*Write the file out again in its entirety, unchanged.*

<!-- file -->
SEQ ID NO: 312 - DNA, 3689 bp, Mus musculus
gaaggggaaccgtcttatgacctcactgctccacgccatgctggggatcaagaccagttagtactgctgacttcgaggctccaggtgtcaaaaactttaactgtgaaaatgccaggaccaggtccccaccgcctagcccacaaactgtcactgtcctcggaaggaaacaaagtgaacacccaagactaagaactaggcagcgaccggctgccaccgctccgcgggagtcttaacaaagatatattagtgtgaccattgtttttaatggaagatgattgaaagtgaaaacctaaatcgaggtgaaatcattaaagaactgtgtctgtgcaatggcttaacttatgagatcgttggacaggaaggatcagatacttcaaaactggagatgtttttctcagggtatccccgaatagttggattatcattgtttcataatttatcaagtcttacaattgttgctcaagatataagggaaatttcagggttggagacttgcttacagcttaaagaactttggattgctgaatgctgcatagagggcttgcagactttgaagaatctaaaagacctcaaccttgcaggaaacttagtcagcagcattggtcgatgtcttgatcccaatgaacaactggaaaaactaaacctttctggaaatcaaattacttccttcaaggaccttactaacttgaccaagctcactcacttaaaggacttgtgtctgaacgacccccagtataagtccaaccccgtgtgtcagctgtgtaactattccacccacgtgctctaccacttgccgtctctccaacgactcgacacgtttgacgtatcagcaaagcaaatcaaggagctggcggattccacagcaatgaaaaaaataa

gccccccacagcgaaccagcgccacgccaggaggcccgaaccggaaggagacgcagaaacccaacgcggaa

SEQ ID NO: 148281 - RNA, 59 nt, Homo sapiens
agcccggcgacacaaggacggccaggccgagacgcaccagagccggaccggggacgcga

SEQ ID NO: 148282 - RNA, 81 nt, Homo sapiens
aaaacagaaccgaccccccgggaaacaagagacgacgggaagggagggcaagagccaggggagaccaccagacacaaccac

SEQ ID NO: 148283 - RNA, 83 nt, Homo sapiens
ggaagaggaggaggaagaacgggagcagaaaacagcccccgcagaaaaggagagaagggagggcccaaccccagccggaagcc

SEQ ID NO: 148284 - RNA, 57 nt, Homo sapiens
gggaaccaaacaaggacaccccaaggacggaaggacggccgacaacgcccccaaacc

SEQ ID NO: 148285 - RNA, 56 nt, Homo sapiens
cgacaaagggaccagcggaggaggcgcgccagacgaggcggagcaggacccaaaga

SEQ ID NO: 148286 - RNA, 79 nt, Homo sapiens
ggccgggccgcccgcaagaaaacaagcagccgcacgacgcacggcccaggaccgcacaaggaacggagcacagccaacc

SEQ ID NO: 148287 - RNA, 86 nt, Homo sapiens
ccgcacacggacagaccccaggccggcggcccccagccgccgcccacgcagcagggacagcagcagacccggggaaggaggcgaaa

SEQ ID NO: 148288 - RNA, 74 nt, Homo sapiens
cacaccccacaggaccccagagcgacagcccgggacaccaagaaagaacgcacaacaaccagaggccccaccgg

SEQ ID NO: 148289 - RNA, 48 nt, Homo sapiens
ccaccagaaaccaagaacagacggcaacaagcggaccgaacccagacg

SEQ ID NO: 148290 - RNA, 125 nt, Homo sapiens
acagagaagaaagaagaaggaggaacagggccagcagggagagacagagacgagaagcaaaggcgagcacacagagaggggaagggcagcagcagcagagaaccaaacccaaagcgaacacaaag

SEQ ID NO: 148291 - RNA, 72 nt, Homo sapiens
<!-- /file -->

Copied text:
SEQ ID NO: 312 - DNA, 3689 bp, Mus musculus
gaaggggaaccgtcttatgacctcactgctccacgccatgctggggatcaagaccagttagtactgctgacttcgaggctccaggtgtcaaaaactttaactgtgaaaatgccaggaccaggtccccaccgcctagcccacaaactgtcactgtcctcggaaggaaacaaagtgaacacccaagactaagaactaggcagcgaccggctgccaccgctccgcgggagtcttaacaaagatatattagtgtgaccattgtttttaatggaagatgattgaaagtgaaaacctaaatcgaggtgaaatcattaaagaactgtgtctgtgcaatggcttaacttatgagatcgttggacaggaaggatcagatacttcaaaactggagatgtttttctcagggtatccccgaatagttggattatcattgtttcataatttatcaagtcttacaattgttgctcaagatataagggaaatttcagggttggagacttgcttacagcttaaagaactttggattgctgaatgctgcatagagggcttgcagactttgaagaatctaaaagacctcaaccttgcaggaaacttagtcagcagcattggtcgatgtcttgatcccaatgaacaactggaaaaactaaacctttctggaaatcaaattacttccttcaaggaccttactaacttgaccaagctcactcacttaaaggacttgtgtctgaacgacccccagtataagtccaaccccgtgtgtcagctgtgtaactattccacccacgtgctctaccacttgccgtctctccaacgactcgacacgtttgacgtatcagcaaagcaaatcaaggagctggcggattccacagcaatgaaaaaaataa

gccccccacagcgaaccagcgccacgccaggaggcccgaaccggaaggagacgcagaaacccaacgcggaa

SEQ ID NO: 148281 - RNA, 59 nt, Homo sapiens
agcccggcgacacaaggacggccaggccgagacgcaccagagccggaccggggacgcga

SEQ ID NO: 148282 - RNA, 81 nt, Homo sapiens
aaaacagaaccgaccccccgggaaacaagagacgacgggaagggagggcaagagccaggggagaccaccagacacaaccac

SEQ ID NO: 148283 - RNA, 83 nt, Homo sapiens
ggaagaggaggaggaagaacgggagcagaaaacagcccccgcagaaaaggagagaagggagggcccaaccccagccggaagcc

SEQ ID NO: 148284 - RNA, 57 nt, Homo sapiens
gggaaccaaacaaggacaccccaaggacggaaggacggccgacaacgcccccaaacc

SEQ ID NO: 148285 - RNA, 56 nt, Homo sapiens
cgacaaagggaccagcggaggaggcgcgccagacgaggcggagcaggacccaaaga

SEQ ID NO: 148286 - RNA, 79 nt, Homo sapiens
ggccgggccgcccgcaagaaaacaagcagccgcacgacgcacggcccaggaccgcacaaggaacggagcacagccaacc

SEQ ID NO: 148287 - RNA, 86 nt, Homo sapiens
ccgcacacggacagaccccaggccggcggcccccagccgccgcccacgcagcagggacagcagcagacccggggaaggaggcgaaa

SEQ ID NO: 148288 - RNA, 74 nt, Homo sapiens
cacaccccacaggaccccagagcgacagcccgggacaccaagaaagaacgcacaacaaccagaggccccaccgg

SEQ ID NO: 148289 - RNA, 48 nt, Homo sapiens
ccaccagaaaccaagaacagacggcaacaagcggaccgaacccagacg

SEQ ID NO: 148290 - RNA, 125 nt, Homo sapiens
acagagaagaaagaagaaggaggaacagggccagcagggagagacagagacgagaagcaaaggcgagcacacagagaggggaagggcagcagcagcagagaaccaaacccaaagcgaacacaaag

SEQ ID NO: 148291 - RNA, 72 nt, Homo sapiens